- Allow sufficient time for pesticide to be flushed through all lines and all nozzles before turning off irrigation water. A person knowledgeable of the chemigation system and responsible for its operation, or under supervision of the responsible person, shall shut the system down and make necessary adjustments should the need arise.
- DO NOT connect an irrigation system (including greenhouse systems) used for pesticide application to a public water system unless the pesticide label-prescribed safety devices for public water systems are in place.

Specific Instructions for Public Water Systems:
1. Public water system means a system for the provision to the public of piped water for human consumption if such system has at least 15 service connections or regularly serves an average of at least 25 individuals daily at least 60 days out of the year.
2. Chemigation systems connected to public water systems must contain a functional, reduced-pressure zone, backflow preventer (RPZ) or the functional equivalent in the water supply line upstream from the point of pesticide introduction. As an option to the RPZ, the water from the public water system should be discharged into a reservoir tank prior to pesticide introduction. There shall be a complete physical break (air gap) between the outlet end of the fill pipe and the top or overflow rim of the reservoir tank of at least twice the inside diameter of the fill pipe.
3. The pesticide injection pipeline must contain a functional, automatic, quick-closing check valve to prevent the flow of fluid back toward the injection pump.
4. The pesticide injection pipeline must contain a functional, normally closed, solenoid-operated valve located on the intake side of the injection pump and connected to the system interlock to prevent fluid from being withdrawn from the supply tank when the irrigation system is either automatically or manually shut down.
5. The system must contain functional interlocking controls to automatically shut off the pesticide injection pump when the water pump motor stops, or in cases where there is no water pump, when the water pressure decreases to the point where pesticide distribution is adversely affected.
6. Systems must use a metering pump, such as a positive displacement injection pump (e.g. diaphragm pump), effectively designed and constructed of materials that are compatible with pesticides and capable of being fitted with a system interlock.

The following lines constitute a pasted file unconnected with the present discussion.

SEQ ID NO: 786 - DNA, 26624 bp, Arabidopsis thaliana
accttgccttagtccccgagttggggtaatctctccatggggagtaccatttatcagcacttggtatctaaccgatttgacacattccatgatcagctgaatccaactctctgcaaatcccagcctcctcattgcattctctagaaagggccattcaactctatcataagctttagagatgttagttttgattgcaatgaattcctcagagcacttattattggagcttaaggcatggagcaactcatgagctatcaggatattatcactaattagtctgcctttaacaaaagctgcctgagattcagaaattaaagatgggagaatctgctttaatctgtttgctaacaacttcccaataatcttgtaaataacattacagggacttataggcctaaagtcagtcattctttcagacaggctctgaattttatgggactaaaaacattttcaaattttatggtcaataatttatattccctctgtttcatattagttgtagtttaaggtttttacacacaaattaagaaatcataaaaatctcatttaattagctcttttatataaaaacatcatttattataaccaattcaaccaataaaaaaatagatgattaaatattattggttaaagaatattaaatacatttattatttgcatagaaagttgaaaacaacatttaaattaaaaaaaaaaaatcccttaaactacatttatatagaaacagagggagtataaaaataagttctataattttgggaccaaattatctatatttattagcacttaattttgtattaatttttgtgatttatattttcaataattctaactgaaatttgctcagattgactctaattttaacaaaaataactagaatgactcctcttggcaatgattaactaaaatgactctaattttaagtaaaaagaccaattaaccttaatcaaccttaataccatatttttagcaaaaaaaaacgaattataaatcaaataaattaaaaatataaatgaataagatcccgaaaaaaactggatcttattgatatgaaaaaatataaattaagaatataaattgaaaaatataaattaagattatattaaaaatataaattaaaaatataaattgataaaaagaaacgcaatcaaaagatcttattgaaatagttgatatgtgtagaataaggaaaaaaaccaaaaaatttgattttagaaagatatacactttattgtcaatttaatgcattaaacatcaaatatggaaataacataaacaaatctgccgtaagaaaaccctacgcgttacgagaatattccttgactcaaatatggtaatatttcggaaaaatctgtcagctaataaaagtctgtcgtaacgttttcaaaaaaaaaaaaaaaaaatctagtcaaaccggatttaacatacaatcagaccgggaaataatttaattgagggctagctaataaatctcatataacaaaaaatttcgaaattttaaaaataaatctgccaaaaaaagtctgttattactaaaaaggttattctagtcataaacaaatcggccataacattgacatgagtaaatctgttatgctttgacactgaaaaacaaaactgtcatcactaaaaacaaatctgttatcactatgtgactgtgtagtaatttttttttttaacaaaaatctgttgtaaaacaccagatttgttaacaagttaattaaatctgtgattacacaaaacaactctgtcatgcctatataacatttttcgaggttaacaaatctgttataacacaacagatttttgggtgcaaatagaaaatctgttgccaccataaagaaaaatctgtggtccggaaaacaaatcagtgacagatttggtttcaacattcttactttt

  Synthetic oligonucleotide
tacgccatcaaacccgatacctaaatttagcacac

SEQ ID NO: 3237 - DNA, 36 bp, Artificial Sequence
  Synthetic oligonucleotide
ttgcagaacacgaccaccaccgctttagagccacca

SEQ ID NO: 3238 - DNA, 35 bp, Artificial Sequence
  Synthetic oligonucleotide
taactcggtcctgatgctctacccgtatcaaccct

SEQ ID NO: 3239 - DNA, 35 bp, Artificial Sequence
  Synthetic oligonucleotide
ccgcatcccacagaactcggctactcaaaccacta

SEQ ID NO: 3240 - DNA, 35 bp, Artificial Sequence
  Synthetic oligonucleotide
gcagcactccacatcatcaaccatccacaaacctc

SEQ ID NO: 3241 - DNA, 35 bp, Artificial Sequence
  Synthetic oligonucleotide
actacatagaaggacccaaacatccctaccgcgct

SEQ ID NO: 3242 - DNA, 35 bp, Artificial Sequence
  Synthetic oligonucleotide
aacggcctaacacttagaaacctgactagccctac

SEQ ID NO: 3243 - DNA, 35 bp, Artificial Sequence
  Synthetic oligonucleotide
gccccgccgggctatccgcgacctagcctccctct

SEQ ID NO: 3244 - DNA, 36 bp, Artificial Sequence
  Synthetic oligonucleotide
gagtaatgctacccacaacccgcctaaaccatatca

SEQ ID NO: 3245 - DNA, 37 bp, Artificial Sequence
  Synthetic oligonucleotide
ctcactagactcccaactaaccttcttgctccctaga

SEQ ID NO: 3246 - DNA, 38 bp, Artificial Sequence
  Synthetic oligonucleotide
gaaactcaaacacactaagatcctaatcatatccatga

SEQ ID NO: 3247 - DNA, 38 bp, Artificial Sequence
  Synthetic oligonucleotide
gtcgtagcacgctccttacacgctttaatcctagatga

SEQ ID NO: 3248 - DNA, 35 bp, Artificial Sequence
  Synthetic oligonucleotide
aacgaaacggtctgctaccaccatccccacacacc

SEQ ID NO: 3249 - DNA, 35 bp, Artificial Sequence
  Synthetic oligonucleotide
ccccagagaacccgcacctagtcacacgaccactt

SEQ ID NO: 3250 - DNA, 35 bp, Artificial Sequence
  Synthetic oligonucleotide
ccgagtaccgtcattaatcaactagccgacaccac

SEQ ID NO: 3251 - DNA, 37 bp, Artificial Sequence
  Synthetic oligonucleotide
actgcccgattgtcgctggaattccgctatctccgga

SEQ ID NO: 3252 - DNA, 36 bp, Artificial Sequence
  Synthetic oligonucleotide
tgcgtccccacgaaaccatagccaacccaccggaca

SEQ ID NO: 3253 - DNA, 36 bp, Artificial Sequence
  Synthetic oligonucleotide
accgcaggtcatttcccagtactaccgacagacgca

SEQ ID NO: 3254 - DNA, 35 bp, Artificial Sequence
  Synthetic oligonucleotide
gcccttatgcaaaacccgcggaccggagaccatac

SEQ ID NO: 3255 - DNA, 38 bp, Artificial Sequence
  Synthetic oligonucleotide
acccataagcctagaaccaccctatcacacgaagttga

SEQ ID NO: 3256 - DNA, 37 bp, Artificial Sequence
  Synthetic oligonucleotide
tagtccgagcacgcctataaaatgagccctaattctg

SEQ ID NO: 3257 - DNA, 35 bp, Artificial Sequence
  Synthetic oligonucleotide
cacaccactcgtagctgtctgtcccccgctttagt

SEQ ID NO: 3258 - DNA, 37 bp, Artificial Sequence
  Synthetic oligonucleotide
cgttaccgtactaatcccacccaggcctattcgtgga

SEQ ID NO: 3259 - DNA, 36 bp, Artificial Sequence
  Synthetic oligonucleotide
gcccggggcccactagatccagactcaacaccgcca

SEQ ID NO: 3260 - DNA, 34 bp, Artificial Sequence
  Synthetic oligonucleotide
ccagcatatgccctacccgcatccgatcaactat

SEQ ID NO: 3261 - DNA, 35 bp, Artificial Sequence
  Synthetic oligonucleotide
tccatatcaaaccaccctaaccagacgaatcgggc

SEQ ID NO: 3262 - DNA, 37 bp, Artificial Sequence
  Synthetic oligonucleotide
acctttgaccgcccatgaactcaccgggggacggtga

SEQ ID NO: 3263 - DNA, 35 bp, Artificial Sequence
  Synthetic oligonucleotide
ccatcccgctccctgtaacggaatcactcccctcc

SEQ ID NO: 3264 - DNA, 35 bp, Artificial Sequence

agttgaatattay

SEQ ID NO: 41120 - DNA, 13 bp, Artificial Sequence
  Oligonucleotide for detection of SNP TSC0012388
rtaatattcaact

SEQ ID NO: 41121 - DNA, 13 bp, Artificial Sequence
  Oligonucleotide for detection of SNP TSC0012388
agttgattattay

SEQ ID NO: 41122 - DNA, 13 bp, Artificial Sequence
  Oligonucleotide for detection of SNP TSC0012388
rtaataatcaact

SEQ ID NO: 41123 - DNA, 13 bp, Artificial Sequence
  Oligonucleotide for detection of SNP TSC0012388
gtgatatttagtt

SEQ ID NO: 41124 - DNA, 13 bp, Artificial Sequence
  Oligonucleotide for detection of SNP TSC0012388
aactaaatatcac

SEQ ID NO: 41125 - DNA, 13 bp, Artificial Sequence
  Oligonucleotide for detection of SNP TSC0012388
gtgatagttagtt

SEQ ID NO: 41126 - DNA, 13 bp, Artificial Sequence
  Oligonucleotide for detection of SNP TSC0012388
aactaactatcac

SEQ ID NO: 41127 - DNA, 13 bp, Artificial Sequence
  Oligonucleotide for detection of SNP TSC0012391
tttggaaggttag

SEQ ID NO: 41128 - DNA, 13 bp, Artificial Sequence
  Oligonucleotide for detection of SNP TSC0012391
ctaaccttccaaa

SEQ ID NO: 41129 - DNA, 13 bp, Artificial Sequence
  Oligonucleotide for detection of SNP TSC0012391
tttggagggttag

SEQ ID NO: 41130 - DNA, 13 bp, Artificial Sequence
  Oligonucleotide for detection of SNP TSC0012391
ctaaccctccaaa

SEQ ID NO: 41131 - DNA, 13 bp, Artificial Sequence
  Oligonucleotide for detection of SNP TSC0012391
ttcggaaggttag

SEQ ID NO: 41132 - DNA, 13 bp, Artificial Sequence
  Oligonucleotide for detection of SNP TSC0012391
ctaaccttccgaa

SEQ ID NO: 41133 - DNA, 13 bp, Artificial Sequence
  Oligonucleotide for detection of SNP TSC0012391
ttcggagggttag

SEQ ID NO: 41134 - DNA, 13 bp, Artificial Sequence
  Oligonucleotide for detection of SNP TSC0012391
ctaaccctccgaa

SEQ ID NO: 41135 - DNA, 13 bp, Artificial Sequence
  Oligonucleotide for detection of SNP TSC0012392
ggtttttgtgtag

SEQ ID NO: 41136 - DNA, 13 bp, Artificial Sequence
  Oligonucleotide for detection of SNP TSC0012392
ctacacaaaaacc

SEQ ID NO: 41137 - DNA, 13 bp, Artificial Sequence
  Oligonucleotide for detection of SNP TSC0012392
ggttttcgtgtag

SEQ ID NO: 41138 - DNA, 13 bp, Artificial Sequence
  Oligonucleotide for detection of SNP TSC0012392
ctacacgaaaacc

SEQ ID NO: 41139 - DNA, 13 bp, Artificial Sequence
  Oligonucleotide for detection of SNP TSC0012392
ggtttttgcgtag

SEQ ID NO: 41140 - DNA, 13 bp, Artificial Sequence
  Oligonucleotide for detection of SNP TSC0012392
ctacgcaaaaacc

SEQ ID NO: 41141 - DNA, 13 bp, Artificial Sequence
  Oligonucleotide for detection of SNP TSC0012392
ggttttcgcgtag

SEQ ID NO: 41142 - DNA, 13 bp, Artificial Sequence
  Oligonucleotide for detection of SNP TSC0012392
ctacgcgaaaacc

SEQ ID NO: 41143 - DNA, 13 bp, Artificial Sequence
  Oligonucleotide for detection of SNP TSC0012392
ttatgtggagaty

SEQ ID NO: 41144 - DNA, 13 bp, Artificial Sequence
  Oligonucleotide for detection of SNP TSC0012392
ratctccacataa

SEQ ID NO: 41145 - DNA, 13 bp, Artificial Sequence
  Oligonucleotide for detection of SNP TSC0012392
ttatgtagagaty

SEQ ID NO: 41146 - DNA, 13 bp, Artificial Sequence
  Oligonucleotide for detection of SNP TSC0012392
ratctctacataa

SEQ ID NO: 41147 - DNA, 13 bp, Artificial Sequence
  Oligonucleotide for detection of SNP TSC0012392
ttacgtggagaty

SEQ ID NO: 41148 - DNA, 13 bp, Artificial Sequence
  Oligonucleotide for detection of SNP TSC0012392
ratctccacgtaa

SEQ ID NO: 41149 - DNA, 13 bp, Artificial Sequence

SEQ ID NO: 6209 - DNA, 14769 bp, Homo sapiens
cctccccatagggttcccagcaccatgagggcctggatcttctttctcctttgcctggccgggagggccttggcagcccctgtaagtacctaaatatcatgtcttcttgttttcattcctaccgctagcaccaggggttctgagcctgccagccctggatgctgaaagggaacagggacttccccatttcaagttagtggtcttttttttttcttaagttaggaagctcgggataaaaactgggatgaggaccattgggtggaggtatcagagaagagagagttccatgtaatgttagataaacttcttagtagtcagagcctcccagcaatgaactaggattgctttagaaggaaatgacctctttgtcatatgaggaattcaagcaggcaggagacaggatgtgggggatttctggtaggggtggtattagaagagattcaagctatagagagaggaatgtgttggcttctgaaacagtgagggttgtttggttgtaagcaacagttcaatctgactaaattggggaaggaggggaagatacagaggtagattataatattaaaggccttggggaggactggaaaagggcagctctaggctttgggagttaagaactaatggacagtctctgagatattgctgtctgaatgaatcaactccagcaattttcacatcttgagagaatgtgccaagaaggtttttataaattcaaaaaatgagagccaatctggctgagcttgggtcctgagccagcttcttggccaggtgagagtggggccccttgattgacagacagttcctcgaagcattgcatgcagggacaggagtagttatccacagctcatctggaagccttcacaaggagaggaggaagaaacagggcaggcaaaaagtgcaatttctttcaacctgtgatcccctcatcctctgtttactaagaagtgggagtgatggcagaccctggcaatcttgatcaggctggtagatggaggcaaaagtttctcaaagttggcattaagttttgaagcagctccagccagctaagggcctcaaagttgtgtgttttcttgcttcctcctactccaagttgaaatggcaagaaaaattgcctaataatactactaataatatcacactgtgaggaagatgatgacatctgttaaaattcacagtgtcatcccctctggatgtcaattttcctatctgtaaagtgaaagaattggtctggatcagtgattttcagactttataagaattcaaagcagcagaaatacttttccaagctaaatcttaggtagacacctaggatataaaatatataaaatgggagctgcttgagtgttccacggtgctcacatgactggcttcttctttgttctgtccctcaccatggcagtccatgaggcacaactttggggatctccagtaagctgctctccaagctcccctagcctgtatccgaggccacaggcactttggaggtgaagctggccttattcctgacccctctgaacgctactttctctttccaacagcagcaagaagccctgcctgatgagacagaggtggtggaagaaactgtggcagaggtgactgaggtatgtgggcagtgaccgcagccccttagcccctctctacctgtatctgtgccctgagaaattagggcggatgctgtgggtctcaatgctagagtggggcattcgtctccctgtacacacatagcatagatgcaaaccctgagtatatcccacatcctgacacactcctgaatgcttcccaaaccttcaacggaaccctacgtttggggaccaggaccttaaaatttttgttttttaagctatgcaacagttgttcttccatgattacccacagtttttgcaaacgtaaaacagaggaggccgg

Restrictions and Limitations - All Crops
- DO NOT exceed the maximum product rate (fl ozs/A) per year (season), the maximum rate per application, or the total number of applications of Headline fungicide per year (season) as stated in Table 1. Headline fungicide Restrictions and Limitations Overview and Table 2. Headline fungicide Crop-specific Requirements. Preharvest interval (PHI) restrictions are also included in these tables.
- DO NOT use Headline in greenhouse or transplant production.
- For aerial application in New York State, DO NOT apply within 100 feet of aquatic habitats (such as, but not limited to lakes, reservoirs, rivers, streams, marshes, ponds, estuaries, and commercial fish ponds).

Crop Rotation Restriction
Crops listed on the Headline, Cabrio EG fungicide and Pristine fungicide labels may be planted immediately following the last application. For all other crops, DO NOT plant sooner than 14 days after the last application.

Ground Application Directed or Banded Sprays
The application rates shown in the following tables pertain to both aerial and ground (broadcast) methods of application. Headline may also be applied as a directed or banded spray over the rows or plant beds with alleys or row middles left unsprayed. For such uses, reduce the rate of Headline in proportion to the area actually sprayed. This adjustment is necessary to prevent applying the product at use rates higher than permitted on this label.

Use the following formula in the label to determine the broadcast equivalent rate for doing directed or banded sprays.

Limitations, Restrictions, and Exceptions

RYE

Maximum Number of Sequential Foliar Applications: 2

- Apply no later than 50% head emergence (Feekes 10.3, Zadok's 55)

Application Directions. Begin applications of Headline prior to disease development. To maximize yields in cereals, it is important to protect the flag leaf. Apply Headline immediately after flag leaf emergence for optimum results.

Headline does not control Fusarium head blight (head scab) or prevent the reductions in grain quality that can result from this disease. When head blight is a concern, growers should manage this disease with fungicides that are labeled for and effective in managing this disease, and with cultural practices like crop rotation and plowing to reduce crop residues that serve as an inoculum source.

No livestock feeding restrictions.

Resistance Management. To limit the potential for development of resistance, DO NOT apply more than 0.29 lb ai pyraclostrobin (= 18 fl ozs Headline) per acre per season.

DO NOT make more than two (2) sequential applications of Headline before alternating to a labeled non-Group 11 fungicide with a different mode of action.

- For early season control of leaf spot and Septoria leaf and glume blotch when conditions favor disease development, apply 3 to 6 fl ozs per acre of Headline either in combination with a herbicide application or when conditions favor disease development. When the 3 to 6 fl ozs early season application rate is used, a second application of Headline may be required to protect the emerged flag leaf. Environmental conditions for disease or current disease pressure at the time of flag-leaf emergence should be used to determine the Headline rate for the second application. For high disease pressure, use the higher rate of Headline. Early season control is not registered for use in California.

- Aerial application is permitted for all labeled crops. For aerial application in New York State, DO NOT apply within 100 feet of aquatic habitats (such as, but not limited to lakes, reservoirs, rivers, streams, marshes, ponds, estuaries, and commercial fish ponds).

Restricted Entry Interval

12 hours